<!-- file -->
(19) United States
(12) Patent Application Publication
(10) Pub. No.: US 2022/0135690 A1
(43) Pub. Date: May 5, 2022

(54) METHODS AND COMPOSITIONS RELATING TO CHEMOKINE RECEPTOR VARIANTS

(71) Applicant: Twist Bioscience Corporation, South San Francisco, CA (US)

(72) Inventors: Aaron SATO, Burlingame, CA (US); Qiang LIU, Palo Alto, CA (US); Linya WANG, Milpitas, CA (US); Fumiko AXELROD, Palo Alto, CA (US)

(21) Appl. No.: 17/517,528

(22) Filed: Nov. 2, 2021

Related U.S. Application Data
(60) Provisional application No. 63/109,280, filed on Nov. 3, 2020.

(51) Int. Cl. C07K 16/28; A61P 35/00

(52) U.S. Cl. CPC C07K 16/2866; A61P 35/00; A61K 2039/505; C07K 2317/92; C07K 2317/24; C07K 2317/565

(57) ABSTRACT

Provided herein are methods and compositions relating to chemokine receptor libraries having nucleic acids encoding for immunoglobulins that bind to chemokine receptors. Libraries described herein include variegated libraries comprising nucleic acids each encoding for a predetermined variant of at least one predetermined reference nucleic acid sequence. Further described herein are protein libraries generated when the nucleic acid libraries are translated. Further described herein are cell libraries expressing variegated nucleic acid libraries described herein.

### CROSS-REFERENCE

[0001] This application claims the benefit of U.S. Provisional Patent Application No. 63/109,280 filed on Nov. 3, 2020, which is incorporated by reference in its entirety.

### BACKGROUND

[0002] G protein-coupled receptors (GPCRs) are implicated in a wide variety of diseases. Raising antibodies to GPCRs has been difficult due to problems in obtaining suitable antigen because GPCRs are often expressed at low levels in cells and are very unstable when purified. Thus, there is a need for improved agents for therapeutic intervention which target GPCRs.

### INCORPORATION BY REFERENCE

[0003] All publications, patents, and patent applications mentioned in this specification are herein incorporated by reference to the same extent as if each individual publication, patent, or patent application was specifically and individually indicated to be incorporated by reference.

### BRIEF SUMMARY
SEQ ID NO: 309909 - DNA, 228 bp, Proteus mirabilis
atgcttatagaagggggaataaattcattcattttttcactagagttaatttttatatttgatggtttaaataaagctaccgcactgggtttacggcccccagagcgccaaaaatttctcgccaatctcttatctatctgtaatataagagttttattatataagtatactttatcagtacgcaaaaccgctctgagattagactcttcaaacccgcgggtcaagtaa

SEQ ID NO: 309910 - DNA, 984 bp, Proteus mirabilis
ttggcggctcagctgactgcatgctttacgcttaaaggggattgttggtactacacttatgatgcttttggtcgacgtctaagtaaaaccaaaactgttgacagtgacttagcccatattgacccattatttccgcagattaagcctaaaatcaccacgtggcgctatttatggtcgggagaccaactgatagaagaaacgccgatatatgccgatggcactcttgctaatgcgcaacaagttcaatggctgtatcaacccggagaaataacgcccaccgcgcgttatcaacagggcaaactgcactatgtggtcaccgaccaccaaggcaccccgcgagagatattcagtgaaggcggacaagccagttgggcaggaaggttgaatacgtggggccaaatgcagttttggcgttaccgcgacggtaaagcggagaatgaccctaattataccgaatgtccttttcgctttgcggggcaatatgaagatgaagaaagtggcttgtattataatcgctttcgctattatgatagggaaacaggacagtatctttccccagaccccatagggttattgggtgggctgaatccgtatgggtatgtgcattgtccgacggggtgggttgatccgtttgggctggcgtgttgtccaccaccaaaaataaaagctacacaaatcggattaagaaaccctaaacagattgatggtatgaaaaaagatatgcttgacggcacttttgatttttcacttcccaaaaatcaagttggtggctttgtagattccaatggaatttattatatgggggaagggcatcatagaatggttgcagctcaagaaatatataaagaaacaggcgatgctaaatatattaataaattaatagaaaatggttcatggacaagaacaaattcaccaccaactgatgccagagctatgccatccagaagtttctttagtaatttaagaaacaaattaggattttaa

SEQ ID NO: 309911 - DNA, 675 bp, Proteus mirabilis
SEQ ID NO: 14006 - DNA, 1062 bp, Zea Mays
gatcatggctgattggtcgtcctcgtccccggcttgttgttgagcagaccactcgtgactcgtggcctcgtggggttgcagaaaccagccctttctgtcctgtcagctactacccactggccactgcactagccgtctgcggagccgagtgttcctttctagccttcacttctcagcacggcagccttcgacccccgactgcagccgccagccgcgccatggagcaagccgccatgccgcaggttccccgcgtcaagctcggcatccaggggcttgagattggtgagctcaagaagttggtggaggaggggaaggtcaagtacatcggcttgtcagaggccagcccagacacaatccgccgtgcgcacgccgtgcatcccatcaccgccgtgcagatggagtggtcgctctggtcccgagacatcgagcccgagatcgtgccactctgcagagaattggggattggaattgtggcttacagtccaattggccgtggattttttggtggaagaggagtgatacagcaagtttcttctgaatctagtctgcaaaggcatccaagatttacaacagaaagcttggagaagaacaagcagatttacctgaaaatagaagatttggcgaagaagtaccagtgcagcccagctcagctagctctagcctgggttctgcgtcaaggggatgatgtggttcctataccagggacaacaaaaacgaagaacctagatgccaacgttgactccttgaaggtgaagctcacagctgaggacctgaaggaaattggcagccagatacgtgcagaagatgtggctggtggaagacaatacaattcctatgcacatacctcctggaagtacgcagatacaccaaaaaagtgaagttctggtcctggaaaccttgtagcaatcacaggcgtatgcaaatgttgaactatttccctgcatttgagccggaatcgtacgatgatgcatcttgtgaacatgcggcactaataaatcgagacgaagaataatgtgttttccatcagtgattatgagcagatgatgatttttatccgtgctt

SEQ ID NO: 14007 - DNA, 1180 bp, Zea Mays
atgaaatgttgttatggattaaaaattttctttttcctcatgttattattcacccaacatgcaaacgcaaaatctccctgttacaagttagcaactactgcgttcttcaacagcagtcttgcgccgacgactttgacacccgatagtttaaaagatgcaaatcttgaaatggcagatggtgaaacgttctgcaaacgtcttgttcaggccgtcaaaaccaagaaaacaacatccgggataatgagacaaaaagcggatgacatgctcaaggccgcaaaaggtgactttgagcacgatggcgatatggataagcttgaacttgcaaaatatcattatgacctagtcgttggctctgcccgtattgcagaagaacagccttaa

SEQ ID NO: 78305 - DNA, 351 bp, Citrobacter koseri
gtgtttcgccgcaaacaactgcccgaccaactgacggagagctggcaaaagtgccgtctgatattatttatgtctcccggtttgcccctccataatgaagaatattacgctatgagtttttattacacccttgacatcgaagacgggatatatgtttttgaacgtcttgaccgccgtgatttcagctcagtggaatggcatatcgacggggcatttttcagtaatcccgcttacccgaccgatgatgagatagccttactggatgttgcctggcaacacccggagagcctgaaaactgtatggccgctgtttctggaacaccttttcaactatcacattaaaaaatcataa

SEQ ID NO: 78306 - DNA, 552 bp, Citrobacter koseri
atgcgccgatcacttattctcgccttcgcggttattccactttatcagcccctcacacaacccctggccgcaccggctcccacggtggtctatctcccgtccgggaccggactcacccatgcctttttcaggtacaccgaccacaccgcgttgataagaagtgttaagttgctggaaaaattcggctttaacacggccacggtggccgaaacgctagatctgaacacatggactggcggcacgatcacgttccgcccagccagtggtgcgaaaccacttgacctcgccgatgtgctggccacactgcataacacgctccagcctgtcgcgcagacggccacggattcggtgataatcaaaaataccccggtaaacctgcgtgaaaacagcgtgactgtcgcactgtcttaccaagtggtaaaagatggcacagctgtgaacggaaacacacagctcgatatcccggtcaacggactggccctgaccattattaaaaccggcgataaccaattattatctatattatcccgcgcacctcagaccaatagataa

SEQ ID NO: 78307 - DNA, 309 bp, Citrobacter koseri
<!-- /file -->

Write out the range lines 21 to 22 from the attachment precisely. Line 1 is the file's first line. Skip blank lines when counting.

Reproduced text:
[0003] All publications, patents, and patent applications mentioned in this specification are herein incorporated by reference to the same extent as if each individual publication, patent, or patent application was specifically and individually indicated to be incorporated by reference.

### BRIEF SUMMARY